The United States is home to some of the most prestigious universities and colleges in the world, and every year, thousands of students come from other countries for the chance to learn at these institutions. In most cases, a temporary student visa can get an international student into the country for a set amount of time, depending on the student’s plan of action for higher education.
Based on data from the Institute of International Education, the 2013-2014 academic year brought more than 886,000 students to the country, which is nearly double the number of students enrolled in American universities 10 years ago. As international students continue to apply to and enroll in colleges here, the student visa system is struggling to keep up with the demand.
What Types of Student Visas Are Offered?
There are many options for students traveling to the U.S. to study at colleges and universities via non-immigrant visa programs. Most programs require students to return to their home countries once their studies are over (or they graduate), at which point their visas expire.
- F-1 Visa: F-1 visas are available to students who are living full-time at colleges and universities in the U.S. Moreover, with an F-2 visa, spouses and children can accompany students who have an F-1 visa. Students in Mexico and Canada who study in the United States are considered “border commuters,” and may enter the country on an F-3 visa for school.
- J-1 Visa: A J-1 visa is available for students who are participating in exchange programs for professional training and education. Spouses and minor children can come into the country along with a J-1 visa holder.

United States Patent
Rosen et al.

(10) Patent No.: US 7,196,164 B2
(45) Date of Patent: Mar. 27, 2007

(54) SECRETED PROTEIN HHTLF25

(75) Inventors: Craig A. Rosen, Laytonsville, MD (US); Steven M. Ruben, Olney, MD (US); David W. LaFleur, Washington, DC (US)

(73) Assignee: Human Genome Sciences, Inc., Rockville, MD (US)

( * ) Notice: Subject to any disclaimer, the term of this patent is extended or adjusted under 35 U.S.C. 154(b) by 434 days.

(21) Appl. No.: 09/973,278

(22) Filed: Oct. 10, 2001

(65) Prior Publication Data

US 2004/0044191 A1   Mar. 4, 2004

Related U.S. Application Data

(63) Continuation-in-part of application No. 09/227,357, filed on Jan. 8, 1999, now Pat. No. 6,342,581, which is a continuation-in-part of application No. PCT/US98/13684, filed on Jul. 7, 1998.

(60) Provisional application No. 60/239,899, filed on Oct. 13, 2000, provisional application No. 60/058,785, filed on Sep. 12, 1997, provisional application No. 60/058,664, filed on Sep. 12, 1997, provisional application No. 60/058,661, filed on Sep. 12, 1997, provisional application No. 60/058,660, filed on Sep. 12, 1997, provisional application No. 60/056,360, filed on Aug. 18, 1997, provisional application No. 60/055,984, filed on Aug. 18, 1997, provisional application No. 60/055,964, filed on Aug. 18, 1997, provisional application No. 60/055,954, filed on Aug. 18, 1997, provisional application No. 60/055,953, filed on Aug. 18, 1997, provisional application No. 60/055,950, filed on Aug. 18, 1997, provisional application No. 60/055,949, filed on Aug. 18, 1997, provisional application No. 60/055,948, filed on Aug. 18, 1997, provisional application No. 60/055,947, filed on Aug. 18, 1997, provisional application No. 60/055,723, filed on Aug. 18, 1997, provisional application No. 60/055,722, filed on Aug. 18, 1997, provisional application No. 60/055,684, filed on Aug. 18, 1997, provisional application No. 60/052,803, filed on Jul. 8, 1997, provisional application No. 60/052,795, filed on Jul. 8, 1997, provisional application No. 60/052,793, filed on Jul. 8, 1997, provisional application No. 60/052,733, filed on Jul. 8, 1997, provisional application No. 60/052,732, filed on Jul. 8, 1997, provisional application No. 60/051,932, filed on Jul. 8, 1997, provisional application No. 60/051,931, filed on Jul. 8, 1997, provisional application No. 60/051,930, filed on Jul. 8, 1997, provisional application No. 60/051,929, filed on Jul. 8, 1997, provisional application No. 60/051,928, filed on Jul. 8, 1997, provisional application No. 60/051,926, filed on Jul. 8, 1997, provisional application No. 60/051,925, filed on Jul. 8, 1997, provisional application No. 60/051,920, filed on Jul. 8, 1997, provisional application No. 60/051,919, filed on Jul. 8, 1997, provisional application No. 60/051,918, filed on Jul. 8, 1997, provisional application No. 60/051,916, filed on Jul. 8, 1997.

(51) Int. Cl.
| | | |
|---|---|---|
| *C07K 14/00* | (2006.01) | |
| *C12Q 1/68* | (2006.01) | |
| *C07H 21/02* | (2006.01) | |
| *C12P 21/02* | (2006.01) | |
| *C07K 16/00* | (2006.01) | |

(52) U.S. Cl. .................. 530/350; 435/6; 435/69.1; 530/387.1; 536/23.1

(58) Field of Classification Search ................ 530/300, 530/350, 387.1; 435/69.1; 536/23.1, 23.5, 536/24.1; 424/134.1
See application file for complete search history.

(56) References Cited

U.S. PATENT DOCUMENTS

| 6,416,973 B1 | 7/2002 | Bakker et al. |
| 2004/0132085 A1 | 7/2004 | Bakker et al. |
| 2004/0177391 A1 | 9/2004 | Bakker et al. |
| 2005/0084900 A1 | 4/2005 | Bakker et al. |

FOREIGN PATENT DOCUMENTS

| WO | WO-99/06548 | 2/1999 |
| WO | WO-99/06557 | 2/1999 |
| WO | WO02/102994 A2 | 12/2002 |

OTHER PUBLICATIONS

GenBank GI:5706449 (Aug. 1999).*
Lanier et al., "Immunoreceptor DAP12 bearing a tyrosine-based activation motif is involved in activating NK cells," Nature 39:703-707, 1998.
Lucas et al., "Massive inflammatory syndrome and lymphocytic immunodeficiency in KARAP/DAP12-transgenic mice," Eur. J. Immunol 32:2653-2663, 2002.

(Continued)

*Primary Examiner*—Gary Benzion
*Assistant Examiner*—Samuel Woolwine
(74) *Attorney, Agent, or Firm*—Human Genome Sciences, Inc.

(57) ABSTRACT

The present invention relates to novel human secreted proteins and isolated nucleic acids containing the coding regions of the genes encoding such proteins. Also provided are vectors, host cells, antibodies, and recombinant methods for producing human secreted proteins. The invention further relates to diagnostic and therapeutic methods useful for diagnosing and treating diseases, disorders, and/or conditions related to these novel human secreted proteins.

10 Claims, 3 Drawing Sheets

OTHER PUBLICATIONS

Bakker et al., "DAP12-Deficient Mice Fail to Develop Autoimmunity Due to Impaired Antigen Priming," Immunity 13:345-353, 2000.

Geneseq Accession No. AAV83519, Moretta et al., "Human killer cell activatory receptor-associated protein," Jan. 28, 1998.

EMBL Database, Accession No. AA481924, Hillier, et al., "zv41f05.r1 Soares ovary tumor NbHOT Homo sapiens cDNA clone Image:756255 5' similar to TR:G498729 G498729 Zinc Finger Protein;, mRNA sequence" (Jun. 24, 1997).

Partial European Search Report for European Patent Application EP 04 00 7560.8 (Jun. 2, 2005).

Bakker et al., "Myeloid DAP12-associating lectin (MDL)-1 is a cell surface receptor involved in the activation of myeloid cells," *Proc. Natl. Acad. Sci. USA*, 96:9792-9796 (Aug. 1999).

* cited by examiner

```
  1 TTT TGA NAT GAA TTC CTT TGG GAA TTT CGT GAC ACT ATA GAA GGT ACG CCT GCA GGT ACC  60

- M-1 Visa: M-1’s are available for students who are attending vocational or technical schools. Dependents of these visa holders can travel in under an M-2 visa; border commuters can use M-3 visas.
- B-2 Visitor Visa: This visa is available for international students who are enrolling in short courses purely for recreational study. These courses cannot count as credits towards an academic degree.
Graduation = Expiration Date
Any student who holds an F-1, M-1 or J-1 visa must leave the country once his or her education is completed, which is typically after graduation from a particular program or institution. In some cases, a visa is approved only for a set amount of time (two semesters or four years), and the student must leave once that time has expired, regardless of whether the program is completed in that timeframe. Any student who wishes to extend his or her stay in the country after graduation for work or otherwise must apply for a different kind of visa.
Student visa holders typically have restrictions on where and how much they can work while they are in the country for school. F-1 visa holders can work up to 20 hours per week on their campus, and they can apply for Optional Practical Training (OPT) if it corresponds with their field of study. M-1 and F-1 visa holders are able to apply for general work authorization as well.
For students who want to be immersed in America’s culture and take advantage of the educational offerings in our country, it’s important to know the legal requirements for doing so. For more information on student visas and the potential for immigration, contact the New Jersey immigration lawyers at Helmer, Conley, and Kasselman, PA.